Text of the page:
BHECN awarded $3.7 million grant
by Lisa Spellman,
UNMC public relations | January 24, 2019
The Behavioral Health Education Center of Nebraska (BHECN) at UNMC has received a five-year, $3.7 million collaborative grant from the Substance Abuse and Mental Health Services Administration, a division of the U.S. Department of Health and Human Services.
The Mid-American Mental Health Technology & Transfer Center (MHTTC) grant will provide mental health training and technical assistance to behavioral health-focused agencies and 87 community health centers. It also will benefit behavioral health professionals, schools, federally qualified health centers, state agencies such as divisions of behavioral health, regional associations of behavioral health providers and individual providers in a four-state region, which includes Nebraska, Iowa, Kansas and Missouri.
"In the last two years the grants we've received have tripled the initial funding of $1.5 million that came out of the state legislature, and that support has been so instrumental in getting the center where it is today," said Howard Liu, M.D., director of BHECN and co-project director of the grant and chair of the UNMC Department of Psychiatry.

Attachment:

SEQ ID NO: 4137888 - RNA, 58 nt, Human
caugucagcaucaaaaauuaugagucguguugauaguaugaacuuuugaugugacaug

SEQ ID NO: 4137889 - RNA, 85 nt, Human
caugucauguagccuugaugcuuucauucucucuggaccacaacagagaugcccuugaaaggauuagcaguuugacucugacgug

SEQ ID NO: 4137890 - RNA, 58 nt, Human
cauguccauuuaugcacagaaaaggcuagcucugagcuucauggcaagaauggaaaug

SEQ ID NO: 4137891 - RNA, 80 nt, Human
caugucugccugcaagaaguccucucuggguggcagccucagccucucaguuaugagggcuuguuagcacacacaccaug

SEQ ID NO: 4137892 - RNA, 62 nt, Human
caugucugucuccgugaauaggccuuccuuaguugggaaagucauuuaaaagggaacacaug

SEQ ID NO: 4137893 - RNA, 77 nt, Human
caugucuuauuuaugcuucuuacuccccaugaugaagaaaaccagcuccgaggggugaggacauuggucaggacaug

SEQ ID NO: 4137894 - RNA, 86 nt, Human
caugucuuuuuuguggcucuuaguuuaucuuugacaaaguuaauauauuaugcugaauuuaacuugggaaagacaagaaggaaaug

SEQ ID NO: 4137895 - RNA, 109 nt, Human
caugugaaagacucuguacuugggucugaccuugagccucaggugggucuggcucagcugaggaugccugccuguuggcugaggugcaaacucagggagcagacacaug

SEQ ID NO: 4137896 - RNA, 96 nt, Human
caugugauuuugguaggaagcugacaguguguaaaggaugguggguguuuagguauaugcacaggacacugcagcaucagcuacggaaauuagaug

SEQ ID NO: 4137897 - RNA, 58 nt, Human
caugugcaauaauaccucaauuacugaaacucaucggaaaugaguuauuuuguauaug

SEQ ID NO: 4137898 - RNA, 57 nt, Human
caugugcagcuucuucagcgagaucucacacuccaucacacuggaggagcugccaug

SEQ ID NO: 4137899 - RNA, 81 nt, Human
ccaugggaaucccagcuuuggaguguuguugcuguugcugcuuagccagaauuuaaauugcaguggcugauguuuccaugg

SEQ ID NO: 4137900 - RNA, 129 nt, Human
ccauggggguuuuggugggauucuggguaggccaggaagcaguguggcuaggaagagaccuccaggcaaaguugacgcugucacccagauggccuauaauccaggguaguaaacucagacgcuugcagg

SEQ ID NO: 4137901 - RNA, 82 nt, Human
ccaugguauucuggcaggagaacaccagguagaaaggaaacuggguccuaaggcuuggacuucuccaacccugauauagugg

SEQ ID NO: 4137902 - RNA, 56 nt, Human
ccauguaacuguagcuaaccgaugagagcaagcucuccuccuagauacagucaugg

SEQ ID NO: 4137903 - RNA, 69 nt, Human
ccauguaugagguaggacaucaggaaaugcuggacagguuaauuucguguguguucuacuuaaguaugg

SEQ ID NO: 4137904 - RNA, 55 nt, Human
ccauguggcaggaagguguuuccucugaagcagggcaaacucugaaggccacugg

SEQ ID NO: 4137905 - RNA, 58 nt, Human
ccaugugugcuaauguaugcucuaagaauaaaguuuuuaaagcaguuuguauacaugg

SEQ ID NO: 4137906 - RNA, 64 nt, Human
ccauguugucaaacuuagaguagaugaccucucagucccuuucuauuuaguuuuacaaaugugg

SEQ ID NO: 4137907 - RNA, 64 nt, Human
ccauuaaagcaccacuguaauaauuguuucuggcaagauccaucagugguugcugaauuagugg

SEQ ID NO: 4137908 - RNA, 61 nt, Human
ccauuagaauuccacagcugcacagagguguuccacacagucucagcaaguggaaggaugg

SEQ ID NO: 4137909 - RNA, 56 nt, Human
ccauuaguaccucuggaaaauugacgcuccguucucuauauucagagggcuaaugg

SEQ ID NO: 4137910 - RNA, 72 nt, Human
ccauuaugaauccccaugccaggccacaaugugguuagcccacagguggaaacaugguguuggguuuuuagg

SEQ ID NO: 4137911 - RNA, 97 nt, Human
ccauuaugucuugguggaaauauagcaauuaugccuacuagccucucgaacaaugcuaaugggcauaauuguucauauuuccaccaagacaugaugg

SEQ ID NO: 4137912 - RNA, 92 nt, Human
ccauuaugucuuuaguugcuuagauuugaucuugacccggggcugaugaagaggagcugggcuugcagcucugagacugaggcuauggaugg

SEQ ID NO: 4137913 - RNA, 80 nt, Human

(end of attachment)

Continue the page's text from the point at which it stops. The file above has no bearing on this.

The grant also is a reflection of the expertise BHECN has.
"BHECN was chosen to receive the award due to its history with training and consultation across mental health topics," said Joe Evans, Ph.D., project director of the grant and professor of psychology at the Munroe-Meyer Institute at UNMC.
The grant will focus on four areas, he said, including:
- Integrated behavioral health in the primary care clinical setting;
- School mental health;
- Behavioral health workforce development; and
- Serious mental illness.
A goal of the grant is to develop expertise in each state so the initiatives can be sustained once the grant is done, Dr. Evans said.
They plan to do this, he said, by providing intensive training of trainers within integrated behavioral health and primary clinical care settings and putting together a resource toolkit.
"But it's more than just conducting workshops," Dr. Evans said. "The purpose is to implement evidence-based practices in these states."
The National Coordinating Center located at Stanford University and the University of Missouri at Kansas City will develop a portion of the overall national agenda, while BHECN will develop a regional agenda for the four-state partnership, Dr. Evans said.
Implementation will happen in phases starting with a review of needs assessments and development of regional teams in the areas of focus within each of the four states.